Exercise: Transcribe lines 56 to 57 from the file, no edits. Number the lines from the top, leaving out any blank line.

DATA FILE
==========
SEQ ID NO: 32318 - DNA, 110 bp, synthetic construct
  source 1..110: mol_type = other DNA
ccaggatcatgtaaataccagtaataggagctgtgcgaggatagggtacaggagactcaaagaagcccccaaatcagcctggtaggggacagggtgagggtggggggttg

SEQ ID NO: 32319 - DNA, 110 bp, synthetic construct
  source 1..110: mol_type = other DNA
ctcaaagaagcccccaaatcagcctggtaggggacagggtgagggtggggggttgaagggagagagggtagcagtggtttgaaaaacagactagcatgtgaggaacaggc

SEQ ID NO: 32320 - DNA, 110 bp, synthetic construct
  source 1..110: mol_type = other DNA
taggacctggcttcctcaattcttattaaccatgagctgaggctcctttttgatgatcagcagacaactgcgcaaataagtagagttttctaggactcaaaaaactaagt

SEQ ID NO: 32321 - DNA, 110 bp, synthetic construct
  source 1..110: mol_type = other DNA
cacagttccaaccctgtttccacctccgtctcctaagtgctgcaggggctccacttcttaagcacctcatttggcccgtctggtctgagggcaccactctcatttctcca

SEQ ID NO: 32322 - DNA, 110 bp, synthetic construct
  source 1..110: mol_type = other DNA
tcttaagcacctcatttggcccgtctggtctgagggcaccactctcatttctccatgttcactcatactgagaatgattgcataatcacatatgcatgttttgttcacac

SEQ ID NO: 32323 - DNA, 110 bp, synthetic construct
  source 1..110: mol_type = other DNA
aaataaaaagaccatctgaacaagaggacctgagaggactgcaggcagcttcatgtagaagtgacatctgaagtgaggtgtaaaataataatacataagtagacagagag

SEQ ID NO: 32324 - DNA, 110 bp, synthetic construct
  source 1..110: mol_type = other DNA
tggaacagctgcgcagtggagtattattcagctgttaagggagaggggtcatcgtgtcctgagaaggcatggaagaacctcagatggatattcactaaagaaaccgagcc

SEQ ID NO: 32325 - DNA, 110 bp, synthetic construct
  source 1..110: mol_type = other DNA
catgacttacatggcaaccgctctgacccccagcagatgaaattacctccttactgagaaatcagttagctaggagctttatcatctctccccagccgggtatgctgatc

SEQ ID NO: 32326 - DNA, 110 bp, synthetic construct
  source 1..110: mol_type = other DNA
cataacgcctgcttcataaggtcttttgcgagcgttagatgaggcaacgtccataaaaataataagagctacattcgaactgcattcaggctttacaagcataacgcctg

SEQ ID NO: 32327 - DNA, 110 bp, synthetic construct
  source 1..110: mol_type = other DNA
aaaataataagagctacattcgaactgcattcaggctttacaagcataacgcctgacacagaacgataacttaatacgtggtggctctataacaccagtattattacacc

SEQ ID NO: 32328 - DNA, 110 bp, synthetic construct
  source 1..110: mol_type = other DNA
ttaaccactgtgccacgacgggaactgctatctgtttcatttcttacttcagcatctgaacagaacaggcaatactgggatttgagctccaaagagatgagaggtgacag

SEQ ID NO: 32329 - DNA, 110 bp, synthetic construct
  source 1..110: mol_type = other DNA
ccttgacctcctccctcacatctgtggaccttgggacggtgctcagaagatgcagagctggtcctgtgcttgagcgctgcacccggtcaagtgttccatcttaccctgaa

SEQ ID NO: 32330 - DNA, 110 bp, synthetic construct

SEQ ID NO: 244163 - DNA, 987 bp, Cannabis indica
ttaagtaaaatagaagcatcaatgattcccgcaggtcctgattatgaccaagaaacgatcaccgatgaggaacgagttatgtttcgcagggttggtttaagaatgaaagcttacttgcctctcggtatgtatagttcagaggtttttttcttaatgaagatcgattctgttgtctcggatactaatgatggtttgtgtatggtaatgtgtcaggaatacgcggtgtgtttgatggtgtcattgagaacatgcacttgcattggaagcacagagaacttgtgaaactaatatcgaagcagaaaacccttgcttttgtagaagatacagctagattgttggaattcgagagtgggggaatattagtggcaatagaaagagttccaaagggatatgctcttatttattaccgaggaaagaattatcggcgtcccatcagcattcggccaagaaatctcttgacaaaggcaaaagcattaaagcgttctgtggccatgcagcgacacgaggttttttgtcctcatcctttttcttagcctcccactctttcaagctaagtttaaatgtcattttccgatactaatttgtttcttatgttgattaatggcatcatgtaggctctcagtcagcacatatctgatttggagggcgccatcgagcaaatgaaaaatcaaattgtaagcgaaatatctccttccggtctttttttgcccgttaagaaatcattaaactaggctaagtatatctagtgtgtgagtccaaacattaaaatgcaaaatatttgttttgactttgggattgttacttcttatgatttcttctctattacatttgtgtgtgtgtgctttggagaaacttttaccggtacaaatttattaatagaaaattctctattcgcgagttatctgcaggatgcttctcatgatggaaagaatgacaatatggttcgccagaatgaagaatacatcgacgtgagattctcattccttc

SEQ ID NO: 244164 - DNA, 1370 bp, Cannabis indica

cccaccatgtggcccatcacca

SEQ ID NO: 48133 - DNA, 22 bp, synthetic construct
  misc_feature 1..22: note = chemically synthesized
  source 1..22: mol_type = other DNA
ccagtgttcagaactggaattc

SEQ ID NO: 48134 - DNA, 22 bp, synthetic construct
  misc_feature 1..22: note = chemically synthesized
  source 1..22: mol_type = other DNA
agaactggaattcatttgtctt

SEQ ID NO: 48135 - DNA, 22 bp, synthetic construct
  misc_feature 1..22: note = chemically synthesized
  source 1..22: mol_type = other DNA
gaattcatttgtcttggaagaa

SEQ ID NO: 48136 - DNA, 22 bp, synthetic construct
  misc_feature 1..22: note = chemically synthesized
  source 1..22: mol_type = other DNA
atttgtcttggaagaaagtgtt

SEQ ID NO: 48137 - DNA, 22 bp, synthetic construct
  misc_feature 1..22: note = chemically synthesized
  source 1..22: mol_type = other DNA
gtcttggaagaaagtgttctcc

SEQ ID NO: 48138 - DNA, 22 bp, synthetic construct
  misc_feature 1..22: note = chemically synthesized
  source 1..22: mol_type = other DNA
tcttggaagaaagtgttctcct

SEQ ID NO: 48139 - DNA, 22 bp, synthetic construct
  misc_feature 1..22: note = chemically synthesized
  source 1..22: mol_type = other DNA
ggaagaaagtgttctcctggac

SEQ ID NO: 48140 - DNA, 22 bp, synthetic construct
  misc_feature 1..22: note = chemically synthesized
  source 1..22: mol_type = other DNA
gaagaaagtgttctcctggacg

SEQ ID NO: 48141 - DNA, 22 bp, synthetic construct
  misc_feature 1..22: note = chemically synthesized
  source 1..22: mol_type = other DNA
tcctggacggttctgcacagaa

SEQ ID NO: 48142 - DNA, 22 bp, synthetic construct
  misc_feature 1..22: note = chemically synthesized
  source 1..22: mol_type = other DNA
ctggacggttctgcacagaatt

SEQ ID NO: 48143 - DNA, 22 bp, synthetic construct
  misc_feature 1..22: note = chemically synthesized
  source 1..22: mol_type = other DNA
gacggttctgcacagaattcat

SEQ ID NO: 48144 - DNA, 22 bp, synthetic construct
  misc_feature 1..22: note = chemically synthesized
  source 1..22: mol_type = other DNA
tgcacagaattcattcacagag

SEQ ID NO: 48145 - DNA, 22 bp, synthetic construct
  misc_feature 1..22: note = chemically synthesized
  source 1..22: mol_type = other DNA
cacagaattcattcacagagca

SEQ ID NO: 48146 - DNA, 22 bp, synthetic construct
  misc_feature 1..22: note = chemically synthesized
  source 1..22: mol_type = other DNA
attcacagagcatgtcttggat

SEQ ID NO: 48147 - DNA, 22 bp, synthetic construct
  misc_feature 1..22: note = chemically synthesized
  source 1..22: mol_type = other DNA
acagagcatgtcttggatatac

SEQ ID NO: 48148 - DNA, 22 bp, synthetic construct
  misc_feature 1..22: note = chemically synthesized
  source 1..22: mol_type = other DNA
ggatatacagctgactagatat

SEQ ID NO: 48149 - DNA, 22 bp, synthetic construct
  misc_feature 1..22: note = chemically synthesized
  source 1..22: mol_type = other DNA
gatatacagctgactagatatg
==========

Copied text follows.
  source 1..22: mol_type = other DNA
atttgtcttggaagaaagtgtt